Whether presenting an informational webinar or facilitating a multi-part virtual learning series that’s part of a larger blend, teaching live online requires pizzazz and purpose.
As more corporate L&D programs move online, a tried-and-true facilitation process can set you up for success (in fact, we offer a comprehensive train-the-trainer program to help practitioners create a comprehensive toolkit).
But small, seemingly simple updates to your instructional approach can change the game. InSync experts suggest:
- Create a workspace designed for excellence. Think of the worst webinar you ever attended – what made it frustrating? We’d readily bet that background noise or distracting facilitator video contributed to a disappointing experience. As a facilitator, having a quiet professional workspace where you can facilitate without interruption sets you up for success from the start. If you know your training includes live “talking head” video, double check your camera angle, lighting, and backdrop before the session to ensure your video layout adds value.
- Invest in reliable equipment. Fun fact: my first ever real job out of college required that I spend 10+ hours a week on the phone. It took me six full months to come up with the brilliant idea to buy a headset. I literally “held the phone” for hundreds of hours. Don’t make the same mistake I did when you facilitate virtual classroom learning. Purchase a quality headset and microphone for good sound quality and hands-free teaching. Also invest in a computer system that can handle the rigors of running high-quality virtual classroom platforms.
- Two computers are better than one. Did you know? InSync facilitators log-in to every session they host from two computers. No matter how high-powered their primary system, our facilitators also connect via a back-up machine. Not only does this practice offer a safety net if their primary computer crashes, reboots, or freezes, but it also provides a trouble-shooting center. You can see if audiovisual issues are widespread, or only impacting one or two participants. Plus, it helps you keep the training on track because there’s no one-point-of-facilitator system failure.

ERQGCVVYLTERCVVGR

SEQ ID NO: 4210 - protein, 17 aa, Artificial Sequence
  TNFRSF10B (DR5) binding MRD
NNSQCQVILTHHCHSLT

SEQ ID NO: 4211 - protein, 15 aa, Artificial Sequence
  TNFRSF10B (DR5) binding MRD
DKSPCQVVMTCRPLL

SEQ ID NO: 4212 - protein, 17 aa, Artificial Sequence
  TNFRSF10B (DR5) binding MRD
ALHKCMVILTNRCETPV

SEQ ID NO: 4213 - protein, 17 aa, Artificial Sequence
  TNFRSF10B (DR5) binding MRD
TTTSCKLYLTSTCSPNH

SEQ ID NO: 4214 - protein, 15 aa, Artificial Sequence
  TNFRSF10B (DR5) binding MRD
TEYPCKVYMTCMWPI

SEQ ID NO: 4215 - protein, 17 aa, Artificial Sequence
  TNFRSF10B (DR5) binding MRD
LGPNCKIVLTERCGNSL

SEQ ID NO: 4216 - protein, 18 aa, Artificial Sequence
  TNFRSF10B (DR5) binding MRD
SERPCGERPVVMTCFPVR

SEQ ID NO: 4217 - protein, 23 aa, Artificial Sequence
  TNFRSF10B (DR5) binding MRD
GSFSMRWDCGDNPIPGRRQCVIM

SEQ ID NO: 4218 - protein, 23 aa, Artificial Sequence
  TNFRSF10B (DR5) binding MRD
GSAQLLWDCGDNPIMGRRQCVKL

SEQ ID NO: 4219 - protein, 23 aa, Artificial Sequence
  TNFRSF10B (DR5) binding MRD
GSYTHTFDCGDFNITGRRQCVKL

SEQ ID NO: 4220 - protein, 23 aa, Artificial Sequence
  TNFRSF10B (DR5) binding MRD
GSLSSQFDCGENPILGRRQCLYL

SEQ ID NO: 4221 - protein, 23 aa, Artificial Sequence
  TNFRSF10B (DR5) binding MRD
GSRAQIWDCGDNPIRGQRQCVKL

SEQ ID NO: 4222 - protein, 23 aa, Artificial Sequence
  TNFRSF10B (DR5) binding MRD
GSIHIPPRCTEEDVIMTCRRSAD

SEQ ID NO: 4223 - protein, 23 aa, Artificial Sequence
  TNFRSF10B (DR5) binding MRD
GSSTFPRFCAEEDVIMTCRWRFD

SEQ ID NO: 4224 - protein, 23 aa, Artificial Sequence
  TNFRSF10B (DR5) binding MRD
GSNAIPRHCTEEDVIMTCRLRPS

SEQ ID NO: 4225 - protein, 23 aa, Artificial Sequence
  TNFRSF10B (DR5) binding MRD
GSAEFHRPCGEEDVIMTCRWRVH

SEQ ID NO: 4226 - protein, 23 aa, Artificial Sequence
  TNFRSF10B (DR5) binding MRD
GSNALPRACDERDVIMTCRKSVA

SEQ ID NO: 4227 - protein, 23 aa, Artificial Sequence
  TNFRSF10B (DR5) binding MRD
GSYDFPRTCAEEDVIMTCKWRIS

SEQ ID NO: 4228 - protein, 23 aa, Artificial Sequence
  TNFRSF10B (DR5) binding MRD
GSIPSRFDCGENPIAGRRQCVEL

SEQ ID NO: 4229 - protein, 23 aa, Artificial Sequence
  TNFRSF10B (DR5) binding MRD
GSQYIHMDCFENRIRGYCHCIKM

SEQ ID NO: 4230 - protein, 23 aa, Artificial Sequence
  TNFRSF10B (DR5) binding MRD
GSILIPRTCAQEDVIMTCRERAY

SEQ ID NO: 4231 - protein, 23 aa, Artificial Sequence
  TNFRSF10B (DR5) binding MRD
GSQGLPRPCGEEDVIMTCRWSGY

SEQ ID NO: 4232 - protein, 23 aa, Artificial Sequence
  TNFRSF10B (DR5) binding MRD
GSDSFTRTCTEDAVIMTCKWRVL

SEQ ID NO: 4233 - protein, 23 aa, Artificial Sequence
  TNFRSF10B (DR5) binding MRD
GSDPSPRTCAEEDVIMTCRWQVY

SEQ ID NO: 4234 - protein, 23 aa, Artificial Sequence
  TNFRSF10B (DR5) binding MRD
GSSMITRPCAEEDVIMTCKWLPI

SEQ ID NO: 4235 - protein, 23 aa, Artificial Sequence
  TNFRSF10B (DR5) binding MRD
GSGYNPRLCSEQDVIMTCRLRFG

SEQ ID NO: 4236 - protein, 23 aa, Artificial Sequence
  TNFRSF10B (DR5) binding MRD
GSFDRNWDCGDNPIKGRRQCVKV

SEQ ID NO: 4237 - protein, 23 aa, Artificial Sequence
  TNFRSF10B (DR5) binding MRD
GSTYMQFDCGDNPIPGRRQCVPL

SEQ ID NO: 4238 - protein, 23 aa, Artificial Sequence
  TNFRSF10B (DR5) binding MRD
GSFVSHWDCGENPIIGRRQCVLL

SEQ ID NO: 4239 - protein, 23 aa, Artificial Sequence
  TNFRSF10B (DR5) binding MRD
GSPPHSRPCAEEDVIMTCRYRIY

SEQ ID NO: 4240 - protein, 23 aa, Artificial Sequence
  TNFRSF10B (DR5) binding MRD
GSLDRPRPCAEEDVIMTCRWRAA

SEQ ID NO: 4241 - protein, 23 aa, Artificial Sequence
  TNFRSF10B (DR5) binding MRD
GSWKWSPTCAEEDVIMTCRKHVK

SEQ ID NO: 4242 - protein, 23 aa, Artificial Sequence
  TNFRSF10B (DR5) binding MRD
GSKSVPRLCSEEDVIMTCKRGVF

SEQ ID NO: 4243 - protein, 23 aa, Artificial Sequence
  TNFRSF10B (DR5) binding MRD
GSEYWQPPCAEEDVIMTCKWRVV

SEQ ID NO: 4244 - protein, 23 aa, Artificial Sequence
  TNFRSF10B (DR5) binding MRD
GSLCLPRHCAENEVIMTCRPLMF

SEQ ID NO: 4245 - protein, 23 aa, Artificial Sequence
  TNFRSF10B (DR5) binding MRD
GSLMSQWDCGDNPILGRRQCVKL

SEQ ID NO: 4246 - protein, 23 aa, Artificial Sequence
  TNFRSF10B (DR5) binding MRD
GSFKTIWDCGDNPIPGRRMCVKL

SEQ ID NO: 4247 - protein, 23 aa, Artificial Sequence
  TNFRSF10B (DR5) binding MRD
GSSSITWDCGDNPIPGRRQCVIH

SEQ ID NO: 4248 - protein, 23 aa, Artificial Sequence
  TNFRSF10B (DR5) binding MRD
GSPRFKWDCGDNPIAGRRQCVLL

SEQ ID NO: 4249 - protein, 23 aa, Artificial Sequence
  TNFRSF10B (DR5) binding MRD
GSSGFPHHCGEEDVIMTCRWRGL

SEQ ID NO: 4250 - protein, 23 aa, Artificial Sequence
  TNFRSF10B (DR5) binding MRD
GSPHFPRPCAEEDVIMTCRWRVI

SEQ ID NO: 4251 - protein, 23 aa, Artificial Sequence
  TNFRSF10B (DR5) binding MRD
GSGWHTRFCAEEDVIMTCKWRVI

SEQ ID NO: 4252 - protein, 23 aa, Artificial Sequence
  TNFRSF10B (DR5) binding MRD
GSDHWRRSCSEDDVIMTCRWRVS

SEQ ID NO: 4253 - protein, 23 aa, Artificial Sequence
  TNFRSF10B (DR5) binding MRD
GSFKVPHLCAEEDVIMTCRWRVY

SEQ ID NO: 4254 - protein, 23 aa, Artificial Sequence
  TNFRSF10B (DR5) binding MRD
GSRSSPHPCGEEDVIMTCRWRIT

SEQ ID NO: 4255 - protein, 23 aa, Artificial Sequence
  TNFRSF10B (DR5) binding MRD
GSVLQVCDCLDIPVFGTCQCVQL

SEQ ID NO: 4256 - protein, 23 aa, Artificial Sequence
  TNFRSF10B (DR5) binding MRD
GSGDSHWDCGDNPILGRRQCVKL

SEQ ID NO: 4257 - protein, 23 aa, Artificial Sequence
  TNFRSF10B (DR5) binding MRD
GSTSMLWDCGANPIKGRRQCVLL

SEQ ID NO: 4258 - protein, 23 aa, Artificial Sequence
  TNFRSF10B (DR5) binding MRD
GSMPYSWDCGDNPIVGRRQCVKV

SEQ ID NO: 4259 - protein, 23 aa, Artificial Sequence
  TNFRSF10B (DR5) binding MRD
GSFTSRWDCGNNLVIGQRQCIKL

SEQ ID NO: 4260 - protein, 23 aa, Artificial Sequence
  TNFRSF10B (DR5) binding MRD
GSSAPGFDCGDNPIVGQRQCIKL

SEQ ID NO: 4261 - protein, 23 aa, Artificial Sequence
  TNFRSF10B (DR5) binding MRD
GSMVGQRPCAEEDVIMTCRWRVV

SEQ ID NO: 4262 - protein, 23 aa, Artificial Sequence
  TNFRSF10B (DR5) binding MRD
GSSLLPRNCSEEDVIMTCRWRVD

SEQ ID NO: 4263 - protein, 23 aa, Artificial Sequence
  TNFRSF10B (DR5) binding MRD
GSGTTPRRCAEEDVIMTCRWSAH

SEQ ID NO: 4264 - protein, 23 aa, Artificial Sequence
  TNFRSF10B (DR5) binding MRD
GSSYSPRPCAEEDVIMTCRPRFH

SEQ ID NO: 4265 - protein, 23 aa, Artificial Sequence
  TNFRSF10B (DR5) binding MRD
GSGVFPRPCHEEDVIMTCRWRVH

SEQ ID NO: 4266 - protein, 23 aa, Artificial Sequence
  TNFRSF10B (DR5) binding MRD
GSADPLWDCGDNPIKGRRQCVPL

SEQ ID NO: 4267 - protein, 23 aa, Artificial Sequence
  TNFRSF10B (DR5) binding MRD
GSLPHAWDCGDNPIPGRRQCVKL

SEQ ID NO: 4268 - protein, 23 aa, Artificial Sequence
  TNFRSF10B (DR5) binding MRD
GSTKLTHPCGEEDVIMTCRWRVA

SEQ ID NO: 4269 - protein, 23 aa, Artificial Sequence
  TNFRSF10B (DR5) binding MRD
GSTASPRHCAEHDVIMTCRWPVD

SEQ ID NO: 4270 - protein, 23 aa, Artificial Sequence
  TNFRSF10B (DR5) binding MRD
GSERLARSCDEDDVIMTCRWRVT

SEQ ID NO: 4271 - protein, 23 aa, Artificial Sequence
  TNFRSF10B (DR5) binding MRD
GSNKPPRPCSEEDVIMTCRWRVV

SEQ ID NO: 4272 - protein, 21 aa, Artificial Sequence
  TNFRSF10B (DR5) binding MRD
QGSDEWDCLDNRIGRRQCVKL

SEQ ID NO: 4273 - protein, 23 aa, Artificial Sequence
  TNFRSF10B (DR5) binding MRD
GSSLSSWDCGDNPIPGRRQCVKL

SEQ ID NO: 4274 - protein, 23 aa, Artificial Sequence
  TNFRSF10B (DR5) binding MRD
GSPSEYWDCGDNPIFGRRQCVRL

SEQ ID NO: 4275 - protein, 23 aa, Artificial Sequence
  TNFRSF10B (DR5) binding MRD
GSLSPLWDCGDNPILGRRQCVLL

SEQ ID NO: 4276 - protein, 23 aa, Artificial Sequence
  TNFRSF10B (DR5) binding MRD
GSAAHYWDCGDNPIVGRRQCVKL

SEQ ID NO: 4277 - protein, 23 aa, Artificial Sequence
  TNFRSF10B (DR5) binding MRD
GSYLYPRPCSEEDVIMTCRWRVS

- Wired > Wi-Fi. In recent years, Wi-Fi internet has become the norm. Providers improved speed and reliability in most service areas. But, when facilitating in the virtual classroom, our facilitators prefer wired internet connections for improved stability. If your Wi-Fi drops or cannot handle the platform functionality (like video streaming or application sharing), you run the risk of a "laggy" learning event. If you can’t access wired internet, use a hotspot as a backup plan for dropped WiFi (even Jennifer Hofmann has used this in the case of storm-meets-industry-webinar).
- Plan for a warm up. InSync Facilitator Sorelle D. believes starting a session with a warm up activity sets great sessions apart from mediocre ones. The first five minutes of a training event often includes late learner arrivals and boring housekeeping spiels. Jazz up the intro with an icebreaker activity that engages learners and familiarizes them with the tools they’ll need to access during the training. It not only puts the group at ease with the technology, but also establishes participation and engagement expectations in an authentic way.
- Humanize the experience. We talk a lot about the “body language in the bandwidth.” Reading the online room requires practice. But, fundamentally, facilitators just have to remember one thing: the virtual classroom includes human learners. Call participants by name. Directly address learners when you respond to their questions or comments. Keep their interest by asking them to engage with the content, platform, or each other every 3-5 minutes. Kathy P. advises you keep in mind that “not everyone likes to speak up. Use chat and whiteboard activities to include everyone.” Keeping learners at the center of your approach improves the likelihood of high engagement and a positive training experience for all.
Making small adjustments to your current facilitation model can make a major difference in the outcomes of virtual and blended learning programs. Ready for more advanced advice? Join Jennifer Hofmann and Karen Vieth on June 20th for their complimentary Virtually There session, Creating Engagement in the Virtual Classroom: Advanced Facilitation Skills for the Experienced Training Professional.